Migrants are doing well generally, but experience higher rates of depressive symptoms than the population at large in some European countries. One country stands out as an exception.
Across the board, migrants are more prone to depressive symptoms than the local population in seven out of 21 countries surveyed in Europe. This is the situation in Norway, Sweden, Denmark, Switzerland, Germany, France, the Netherlands and Poland. Nonetheless, migrants manage relatively well in Norway compared to those in other European countries.
The Centre for Global Health Inequalities Research (CHAIN) at NTNU conducted the survey, which was based on 25 000 personal interviews. The survey was published in a special issue of the European Journal of Public Health.
In most countries, the prevalence of depressive symptoms is not that different between locals and newcomers.
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Professor Terje Andreas Eikemo from NTNU’s Department of Sociology and Political Science says this is due to the fact that newly arrived migrants tend to be especially resourceful. Eikemo is also the head of CHAIN.
Migrants often have better than average health, both in their country of origin and the hosting country, and they are also less likely to make use of health services. Indeed, these are people who have left their home countries with all that entails, and who are willing to take a risk to achieve a goal. Migrants’ goals usually revolve around pursuing better work opportunities.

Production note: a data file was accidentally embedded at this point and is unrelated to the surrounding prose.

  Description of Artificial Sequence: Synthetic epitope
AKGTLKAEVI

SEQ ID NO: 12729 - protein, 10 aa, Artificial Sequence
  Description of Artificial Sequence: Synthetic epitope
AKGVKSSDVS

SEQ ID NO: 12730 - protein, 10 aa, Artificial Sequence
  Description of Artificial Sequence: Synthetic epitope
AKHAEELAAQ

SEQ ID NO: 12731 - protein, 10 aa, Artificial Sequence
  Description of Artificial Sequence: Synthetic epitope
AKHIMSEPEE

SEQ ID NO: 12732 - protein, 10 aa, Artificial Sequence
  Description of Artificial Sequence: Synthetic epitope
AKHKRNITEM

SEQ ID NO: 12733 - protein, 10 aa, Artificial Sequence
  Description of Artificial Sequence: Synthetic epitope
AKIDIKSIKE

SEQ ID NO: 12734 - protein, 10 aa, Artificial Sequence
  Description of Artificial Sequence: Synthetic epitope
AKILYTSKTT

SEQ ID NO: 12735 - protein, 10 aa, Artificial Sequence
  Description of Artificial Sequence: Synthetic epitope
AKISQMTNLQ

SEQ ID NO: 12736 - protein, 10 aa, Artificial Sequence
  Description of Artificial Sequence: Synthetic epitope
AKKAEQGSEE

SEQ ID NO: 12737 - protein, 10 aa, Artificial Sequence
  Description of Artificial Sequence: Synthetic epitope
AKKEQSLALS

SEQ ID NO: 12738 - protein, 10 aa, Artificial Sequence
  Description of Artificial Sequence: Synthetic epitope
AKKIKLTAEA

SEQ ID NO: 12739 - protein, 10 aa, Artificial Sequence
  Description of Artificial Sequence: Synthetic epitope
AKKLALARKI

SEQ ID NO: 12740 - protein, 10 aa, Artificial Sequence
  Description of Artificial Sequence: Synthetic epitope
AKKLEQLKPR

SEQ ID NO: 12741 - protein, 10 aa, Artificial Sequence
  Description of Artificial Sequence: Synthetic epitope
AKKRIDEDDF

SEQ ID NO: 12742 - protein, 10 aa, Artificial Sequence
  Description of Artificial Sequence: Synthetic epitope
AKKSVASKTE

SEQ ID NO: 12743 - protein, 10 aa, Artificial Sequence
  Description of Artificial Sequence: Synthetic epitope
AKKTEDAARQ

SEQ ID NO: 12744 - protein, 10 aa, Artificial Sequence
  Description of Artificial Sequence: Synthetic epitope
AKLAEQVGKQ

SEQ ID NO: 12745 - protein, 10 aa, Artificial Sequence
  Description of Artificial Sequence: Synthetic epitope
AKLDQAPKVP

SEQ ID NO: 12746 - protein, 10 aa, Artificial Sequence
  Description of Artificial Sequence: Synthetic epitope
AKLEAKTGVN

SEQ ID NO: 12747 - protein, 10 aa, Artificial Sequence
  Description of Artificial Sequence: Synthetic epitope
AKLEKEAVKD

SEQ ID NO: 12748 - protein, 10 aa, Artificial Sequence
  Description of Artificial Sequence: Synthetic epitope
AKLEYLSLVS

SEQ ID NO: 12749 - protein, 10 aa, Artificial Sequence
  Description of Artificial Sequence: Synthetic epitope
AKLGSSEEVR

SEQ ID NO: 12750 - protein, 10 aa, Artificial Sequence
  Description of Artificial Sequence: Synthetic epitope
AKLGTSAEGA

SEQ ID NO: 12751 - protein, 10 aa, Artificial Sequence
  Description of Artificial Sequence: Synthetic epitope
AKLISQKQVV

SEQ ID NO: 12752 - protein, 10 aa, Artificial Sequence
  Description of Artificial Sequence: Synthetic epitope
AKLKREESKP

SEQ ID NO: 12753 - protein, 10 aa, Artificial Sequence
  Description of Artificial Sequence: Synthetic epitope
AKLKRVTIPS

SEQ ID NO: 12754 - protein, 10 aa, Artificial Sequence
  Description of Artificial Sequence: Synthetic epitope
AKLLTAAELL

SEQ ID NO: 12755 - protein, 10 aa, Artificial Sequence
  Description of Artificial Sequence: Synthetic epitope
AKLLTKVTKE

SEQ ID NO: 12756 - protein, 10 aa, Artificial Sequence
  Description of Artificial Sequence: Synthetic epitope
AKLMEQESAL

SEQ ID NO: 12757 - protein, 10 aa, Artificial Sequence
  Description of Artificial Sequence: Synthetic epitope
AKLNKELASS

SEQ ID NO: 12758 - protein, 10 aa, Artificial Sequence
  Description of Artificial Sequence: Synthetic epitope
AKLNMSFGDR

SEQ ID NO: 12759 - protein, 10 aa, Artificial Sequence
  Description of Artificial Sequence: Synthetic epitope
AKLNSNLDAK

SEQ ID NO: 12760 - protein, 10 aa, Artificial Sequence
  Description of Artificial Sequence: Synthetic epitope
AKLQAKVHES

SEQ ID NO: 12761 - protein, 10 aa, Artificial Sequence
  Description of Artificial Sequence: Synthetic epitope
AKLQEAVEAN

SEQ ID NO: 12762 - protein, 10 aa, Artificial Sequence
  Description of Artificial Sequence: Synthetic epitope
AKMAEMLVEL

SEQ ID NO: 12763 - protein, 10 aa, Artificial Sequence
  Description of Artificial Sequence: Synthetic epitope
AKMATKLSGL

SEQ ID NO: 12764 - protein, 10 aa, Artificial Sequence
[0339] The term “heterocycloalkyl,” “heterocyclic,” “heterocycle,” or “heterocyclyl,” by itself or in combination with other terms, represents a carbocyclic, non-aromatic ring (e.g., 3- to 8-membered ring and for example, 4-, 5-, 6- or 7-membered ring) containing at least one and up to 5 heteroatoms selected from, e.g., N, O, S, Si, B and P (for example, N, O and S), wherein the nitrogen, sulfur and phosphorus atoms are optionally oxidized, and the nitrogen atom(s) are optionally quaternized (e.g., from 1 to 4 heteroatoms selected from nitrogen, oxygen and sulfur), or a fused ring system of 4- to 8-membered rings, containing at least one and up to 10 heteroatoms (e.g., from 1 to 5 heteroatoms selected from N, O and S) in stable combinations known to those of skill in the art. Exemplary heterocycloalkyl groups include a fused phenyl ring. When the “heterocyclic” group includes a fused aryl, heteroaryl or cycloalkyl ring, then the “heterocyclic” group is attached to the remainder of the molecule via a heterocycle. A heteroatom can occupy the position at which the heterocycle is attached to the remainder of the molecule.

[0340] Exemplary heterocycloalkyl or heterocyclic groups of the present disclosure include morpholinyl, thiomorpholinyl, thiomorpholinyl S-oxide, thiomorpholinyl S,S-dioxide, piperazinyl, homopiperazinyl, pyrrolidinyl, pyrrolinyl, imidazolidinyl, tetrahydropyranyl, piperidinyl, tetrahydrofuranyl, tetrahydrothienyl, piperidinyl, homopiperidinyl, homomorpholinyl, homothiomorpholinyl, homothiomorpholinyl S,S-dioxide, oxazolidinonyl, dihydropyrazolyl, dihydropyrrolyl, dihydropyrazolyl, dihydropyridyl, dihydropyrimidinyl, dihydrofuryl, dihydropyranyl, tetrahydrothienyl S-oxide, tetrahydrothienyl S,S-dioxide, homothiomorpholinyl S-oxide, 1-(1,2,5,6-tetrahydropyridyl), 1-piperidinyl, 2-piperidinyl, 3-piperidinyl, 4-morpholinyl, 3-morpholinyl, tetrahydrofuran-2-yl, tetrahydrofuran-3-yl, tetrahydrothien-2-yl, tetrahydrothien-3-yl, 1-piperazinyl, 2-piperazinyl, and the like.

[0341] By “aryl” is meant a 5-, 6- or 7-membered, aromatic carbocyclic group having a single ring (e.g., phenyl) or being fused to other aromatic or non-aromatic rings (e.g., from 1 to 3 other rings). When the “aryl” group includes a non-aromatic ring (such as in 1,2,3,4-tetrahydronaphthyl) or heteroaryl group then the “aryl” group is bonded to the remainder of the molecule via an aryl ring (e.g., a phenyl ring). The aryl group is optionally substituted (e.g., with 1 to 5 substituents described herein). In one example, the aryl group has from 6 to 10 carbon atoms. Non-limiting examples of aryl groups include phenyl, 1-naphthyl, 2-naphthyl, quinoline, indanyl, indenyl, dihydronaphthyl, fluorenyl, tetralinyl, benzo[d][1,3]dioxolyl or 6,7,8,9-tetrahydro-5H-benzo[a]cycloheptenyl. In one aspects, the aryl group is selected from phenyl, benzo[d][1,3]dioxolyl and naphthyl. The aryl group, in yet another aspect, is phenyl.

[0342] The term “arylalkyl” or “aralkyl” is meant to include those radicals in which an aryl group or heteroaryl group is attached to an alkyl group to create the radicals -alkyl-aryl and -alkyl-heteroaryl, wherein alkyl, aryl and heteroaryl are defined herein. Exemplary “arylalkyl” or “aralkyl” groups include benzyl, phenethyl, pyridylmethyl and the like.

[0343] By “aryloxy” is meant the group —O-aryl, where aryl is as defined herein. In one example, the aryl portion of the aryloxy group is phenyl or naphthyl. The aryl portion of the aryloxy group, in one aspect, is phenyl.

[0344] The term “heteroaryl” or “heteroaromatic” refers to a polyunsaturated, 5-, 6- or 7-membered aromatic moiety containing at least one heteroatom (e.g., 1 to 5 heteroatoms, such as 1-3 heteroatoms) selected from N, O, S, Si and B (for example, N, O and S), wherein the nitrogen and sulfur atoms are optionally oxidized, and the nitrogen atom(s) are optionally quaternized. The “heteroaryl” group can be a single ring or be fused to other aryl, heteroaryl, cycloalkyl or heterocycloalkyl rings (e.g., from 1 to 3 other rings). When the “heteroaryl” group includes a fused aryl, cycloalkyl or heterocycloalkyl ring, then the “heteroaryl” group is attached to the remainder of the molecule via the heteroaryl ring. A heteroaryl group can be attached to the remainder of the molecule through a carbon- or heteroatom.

“Our study also shows that first-generation immigrants typically have better mental health than second-generation migrants, which indicates that their health advantage decreases over time,” says Eikemo.
This finding is important, because it shows that European integration policy is not working as well as it could.
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Greece and the UK are the only countries surveyed in Europe where migrants have better mental health than the rest of the population. Greece is notable as a country where the local population is also struggling.
“In Greece, both migrants and non-migrants are very vulnerable,” says Eikemo.
On average, both groups display a high level of depressive symptoms, but the locals are even worse off than the new arrivals. Most migrants in Greece come from Albania, Bulgaria and Romania, as well as Pakistan, Bangladesh and Afghanistan. Many of them are highly educated.
The survey figures are from 2014, and researchers believe that the financial strains of Greece’s economic instability since 2008 have affected these statistics. The consequences of the financial crisis there have lasted until the present day.
A large proportion of the population has been unemployed for a long time and suffered the accompanying mental health consequences. This is especially true for women, who are overrepresented among Greeks who experience depressive symptoms. Of all the groups CHAIN has looked at, Greek women are clearly the most vulnerable.
Depressive symptoms among migrants and non-migrants in Europe: documenting and explaining inequalities in times of socio-economic instability. Gkiouleka A, Avrami L, Kostaki A, Huijts T, Eikemo TA, Stathopoulou T. https://www.ncbi.nlm.nih.gov/pubmed/30476088
Health in crises. Migration, austerity and inequalities in Greece and Europe: introduction to the supplement Terje A Eikemo, Lydia Avrami, Jennifer Cavounidis, Aliki Mouriki, Anna Gkiouleka, Courtney L McNamara, and Theoni Stathopoulou. https://www.ncbi.nlm.nih.gov/pmc/articles/PMC6249566/